The worst part of all is that all of this happened with less than 15 minutes left before class started and I really didn’t have time to calm down before class started. Obviously I’m still alive and made it through the class. However, it made me think long and hard about what exactly made me so angry. It couldn’t have just been that the student kept on asking me for help on a take home quiz even after I had already given a hint. It couldn’t have just been that the student interrupted me while I wasn’t explaining something. And it couldn’t have just been that the student waited until 15 minutes before class to come to my office to ask a question about the quiz. No, I realized it was the word ‘nevermind’ that is what made me so angry.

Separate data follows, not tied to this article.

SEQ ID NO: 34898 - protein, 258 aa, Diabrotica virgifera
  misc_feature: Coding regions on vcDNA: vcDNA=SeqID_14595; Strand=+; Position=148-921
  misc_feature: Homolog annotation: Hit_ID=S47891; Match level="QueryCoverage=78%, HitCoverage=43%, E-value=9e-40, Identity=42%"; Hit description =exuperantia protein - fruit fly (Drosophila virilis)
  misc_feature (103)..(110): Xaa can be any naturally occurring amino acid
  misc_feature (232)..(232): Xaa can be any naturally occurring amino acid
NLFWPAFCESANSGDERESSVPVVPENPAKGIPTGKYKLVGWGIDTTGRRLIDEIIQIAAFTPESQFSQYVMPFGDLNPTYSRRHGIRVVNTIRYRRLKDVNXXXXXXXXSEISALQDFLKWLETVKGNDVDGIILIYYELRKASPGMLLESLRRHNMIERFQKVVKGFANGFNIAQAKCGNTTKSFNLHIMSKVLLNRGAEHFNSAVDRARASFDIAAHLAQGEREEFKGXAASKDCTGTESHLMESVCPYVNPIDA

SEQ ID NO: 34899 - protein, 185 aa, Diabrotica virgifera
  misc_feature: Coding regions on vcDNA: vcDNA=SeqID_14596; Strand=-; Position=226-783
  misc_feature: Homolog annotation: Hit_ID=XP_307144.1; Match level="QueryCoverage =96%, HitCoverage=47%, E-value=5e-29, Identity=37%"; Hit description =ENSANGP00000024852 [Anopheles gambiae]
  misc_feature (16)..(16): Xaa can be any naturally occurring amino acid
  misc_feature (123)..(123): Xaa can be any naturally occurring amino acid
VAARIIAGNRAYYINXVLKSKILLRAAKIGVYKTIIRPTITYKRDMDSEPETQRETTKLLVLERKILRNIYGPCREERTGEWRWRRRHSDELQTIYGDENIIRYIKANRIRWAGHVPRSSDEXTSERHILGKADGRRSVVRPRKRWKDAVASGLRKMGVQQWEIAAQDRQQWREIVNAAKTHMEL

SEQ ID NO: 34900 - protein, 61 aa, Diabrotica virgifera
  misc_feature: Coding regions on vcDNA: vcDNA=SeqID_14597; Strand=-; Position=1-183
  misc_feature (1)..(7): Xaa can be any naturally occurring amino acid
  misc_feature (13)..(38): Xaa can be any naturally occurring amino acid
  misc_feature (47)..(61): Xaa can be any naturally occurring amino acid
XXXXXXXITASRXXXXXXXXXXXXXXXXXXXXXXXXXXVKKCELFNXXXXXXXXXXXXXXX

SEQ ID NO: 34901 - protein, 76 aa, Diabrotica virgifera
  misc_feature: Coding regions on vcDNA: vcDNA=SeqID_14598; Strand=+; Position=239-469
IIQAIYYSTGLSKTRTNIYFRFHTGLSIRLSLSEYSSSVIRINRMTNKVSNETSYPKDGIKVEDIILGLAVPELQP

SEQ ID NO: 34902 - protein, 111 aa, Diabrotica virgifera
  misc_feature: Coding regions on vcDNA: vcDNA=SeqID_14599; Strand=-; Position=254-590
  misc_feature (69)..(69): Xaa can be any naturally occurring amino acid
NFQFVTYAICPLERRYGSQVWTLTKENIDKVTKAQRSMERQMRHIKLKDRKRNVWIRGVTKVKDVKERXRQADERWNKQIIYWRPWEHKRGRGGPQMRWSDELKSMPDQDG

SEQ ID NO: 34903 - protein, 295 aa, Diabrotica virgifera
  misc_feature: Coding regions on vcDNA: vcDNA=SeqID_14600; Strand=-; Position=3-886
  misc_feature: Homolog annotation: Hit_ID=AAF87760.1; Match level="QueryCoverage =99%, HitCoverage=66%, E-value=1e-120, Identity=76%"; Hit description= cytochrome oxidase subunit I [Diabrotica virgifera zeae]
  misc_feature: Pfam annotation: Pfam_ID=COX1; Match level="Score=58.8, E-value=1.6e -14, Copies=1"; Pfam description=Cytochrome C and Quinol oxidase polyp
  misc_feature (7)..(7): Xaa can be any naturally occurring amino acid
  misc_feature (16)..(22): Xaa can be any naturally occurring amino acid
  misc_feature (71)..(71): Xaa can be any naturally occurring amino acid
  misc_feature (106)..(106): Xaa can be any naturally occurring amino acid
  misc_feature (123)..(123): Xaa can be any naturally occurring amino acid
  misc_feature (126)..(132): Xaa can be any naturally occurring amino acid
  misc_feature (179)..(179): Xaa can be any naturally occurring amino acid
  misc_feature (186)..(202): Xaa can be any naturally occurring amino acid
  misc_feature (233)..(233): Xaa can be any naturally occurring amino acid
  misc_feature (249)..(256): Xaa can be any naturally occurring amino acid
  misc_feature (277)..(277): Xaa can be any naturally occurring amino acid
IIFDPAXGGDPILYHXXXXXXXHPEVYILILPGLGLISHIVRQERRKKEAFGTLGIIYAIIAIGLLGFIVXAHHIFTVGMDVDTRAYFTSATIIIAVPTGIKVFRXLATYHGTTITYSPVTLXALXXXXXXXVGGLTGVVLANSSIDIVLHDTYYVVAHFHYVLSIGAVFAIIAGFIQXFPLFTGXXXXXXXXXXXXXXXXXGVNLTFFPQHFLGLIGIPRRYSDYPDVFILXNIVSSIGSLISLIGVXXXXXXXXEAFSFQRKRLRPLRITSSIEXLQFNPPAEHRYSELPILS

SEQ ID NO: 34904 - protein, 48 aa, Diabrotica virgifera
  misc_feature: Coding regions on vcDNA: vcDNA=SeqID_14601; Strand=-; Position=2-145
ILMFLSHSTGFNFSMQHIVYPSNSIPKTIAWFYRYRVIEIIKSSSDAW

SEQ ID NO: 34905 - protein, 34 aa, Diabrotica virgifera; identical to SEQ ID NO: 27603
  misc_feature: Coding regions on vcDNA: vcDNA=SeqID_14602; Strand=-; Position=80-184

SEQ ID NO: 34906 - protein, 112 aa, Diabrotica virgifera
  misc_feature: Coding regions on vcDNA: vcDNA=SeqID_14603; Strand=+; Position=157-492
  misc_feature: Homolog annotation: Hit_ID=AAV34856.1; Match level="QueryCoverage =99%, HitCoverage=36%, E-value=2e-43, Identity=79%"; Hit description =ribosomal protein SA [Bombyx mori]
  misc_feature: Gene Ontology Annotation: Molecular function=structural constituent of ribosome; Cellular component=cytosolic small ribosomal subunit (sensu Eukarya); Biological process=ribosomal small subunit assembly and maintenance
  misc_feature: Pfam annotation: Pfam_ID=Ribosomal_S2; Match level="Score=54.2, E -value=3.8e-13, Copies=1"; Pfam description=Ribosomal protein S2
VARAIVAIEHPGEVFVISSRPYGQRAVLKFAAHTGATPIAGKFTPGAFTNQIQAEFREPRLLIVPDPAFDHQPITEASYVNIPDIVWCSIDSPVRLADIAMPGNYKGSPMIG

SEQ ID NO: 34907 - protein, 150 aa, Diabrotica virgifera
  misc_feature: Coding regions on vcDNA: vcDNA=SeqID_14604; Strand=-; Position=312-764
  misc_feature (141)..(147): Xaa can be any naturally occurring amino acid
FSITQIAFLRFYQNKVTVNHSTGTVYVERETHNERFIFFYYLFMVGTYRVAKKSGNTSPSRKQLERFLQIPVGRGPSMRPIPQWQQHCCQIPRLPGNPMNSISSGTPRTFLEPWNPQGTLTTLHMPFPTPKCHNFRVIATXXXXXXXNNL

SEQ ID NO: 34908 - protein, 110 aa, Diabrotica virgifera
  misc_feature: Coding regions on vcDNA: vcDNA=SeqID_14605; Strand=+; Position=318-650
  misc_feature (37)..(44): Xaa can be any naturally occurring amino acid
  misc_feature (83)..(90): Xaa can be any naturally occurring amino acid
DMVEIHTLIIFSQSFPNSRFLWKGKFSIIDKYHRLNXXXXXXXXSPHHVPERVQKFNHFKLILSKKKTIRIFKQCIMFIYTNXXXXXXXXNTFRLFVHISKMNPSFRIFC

Let me put it this way: Suppose you are a talking to someone who is hard of hearing. You ask them a question and they don’t hear you the first time. So, you ask them the question again and they still don’t hear you. Then, they say, ‘Could you please repeat that again?,’ and you since you’re getting frustrated and don’t want to repeat the question a third time, you say, ‘nevermind.’ Think about how small and degraded the hard of hearing person must feel at that point.

Another one of my students told me that she was at work last week and she was working a department at her store that she usually doesn’t work in. She was just filling in for someone who was sick. A customer asked her where something was and she said that she thought that they didn’t have the item anymore, but if they did, it would be down a certain aisle. The customer yelled at her, ‘Nevermind. You don’t know.’ Again, think about how the word ‘nevermind’ made my student feel, even though all she was doing was trying to help this customer.